Metro-East News

Trump nominates Belleville native for federal appeals court

Amy St. Eve, a Belleville native, is seen in this 1996 photo taken during the trial of Arkansas Gov. Jim Guy Tucker. St. Eve was second chair in the prosecution.
Amy St. Eve, a Belleville native, is seen in this 1996 photo taken during the trial of Arkansas Gov. Jim Guy Tucker. St. Eve was second chair in the prosecution. AP

A Belleville native and Whitewater prosecutor has been nominated as a federal appeals judge, pending confirmation by the U.S. Senate.

U.S. District Judge Amy St. Eve, 51, currently serves as U.S. district judge for the northern district of Illinois, appointed by President George W. Bush in 2002 and confirmed by the U.S. Senate.

St. Eve was raised in Belleville and graduated from Cornell with a bachelor’s degree in 1987 and law degree in 1990. Following law school, she worked in private practice in New York City with Davis Polk & Wardwell, during which she was second chair in the prosecution of former Arkansas Gov. Jim Guy Tucker and the partners in the Whitewater development for fraud.

She had a long history of civil litigation and white-collar defense, according to the Daily Northwestern, and served as counsel to the White House under President Barack Obama as well as the National Security Council.

St. Eve later served as an assistant U.S. Attorney in the northern district of Illinois before she returned to private practice, serving as senior counsel for litigation at Abbott Laboratories. Then-U.S. Sen. Peter Fitzgerald recommended her as U.S. District Judge to President Bush.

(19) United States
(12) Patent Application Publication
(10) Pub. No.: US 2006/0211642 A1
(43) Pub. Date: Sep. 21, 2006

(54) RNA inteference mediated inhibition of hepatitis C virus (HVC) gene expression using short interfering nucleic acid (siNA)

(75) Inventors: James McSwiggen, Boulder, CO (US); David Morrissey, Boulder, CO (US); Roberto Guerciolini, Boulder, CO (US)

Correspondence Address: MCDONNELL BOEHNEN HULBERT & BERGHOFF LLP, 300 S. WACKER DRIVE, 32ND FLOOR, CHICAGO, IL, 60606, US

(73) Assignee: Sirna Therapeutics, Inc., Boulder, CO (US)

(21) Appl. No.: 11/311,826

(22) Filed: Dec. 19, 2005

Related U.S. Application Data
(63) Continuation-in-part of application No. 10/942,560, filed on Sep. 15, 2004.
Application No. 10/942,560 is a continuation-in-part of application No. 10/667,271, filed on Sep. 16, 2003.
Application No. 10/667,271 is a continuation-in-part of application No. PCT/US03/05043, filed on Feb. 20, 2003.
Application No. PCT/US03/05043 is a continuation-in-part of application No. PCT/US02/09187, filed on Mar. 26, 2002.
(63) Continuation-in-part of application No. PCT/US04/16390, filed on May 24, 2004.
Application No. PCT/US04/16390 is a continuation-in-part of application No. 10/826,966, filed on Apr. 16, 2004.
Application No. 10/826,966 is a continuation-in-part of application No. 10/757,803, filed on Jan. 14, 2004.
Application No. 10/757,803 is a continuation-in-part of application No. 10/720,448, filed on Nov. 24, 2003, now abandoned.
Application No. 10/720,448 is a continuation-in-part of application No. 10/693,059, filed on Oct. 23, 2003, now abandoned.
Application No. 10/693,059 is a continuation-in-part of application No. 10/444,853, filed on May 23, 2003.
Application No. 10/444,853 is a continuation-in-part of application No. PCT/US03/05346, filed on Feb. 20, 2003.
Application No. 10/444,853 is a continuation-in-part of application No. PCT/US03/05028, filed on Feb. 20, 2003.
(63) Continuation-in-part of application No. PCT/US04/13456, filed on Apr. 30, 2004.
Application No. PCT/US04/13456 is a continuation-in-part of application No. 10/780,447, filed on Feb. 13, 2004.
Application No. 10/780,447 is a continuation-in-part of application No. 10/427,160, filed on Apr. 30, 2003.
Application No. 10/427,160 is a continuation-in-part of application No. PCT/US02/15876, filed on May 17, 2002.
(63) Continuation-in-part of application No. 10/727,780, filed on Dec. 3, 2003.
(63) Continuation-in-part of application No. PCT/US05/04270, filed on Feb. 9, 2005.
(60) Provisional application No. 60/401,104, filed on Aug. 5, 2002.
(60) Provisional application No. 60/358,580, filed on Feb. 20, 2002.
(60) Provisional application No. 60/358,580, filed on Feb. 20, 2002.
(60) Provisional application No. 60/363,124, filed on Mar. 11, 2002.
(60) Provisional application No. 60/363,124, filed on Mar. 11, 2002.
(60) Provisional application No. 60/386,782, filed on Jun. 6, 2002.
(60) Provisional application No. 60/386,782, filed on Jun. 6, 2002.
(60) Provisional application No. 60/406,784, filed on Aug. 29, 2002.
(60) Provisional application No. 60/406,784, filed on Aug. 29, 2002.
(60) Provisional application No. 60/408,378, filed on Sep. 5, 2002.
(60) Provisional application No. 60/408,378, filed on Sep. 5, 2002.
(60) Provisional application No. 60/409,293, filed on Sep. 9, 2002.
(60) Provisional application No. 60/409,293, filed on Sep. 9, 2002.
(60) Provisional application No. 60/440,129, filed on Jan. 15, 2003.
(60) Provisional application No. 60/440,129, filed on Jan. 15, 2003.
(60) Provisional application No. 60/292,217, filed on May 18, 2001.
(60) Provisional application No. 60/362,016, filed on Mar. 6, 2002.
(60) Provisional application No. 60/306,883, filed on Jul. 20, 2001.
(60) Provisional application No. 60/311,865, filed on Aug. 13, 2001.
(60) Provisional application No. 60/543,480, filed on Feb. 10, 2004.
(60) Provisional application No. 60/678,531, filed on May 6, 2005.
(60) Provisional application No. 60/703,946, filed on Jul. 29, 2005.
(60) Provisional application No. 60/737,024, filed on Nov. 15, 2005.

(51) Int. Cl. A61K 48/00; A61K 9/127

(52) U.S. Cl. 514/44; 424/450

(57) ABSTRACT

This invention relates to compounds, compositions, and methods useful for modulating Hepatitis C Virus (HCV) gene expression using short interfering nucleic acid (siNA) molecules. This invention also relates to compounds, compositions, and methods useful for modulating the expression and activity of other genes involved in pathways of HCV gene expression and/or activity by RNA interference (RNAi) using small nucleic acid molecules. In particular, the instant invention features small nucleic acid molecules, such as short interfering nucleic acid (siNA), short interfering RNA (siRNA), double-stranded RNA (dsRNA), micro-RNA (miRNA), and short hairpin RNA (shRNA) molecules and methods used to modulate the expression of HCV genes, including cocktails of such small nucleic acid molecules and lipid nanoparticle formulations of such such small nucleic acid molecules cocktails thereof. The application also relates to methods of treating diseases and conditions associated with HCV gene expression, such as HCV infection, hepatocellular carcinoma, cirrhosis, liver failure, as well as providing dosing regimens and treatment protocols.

Since her confirmation in 2002, St. Eve has served as U.S. district judge and as an adjunct professor at Northwestern University’s Prizker School of Law. She inherited 298 pending cases at the moment she was sworn in, according to her 2002 selection of “40 under 40” in the Chicago Business Journal.

Judge Amy St. Eve
Judge Amy St. Eve

She also presided over the prosecution of Tony Rezko, found guilty of 16 out of 24 counts in a corruption trial accusing him of trying to get kickbacks on state business during the administration of former Gov. Rod Blagojevich. In sentencing him to 10 1/2 years in prison, St. Eve told Rezko he had “defrauded the people of Illinois.

No confirmation hearing is scheduled yet before the U.S. Senate Judiciary Committee.

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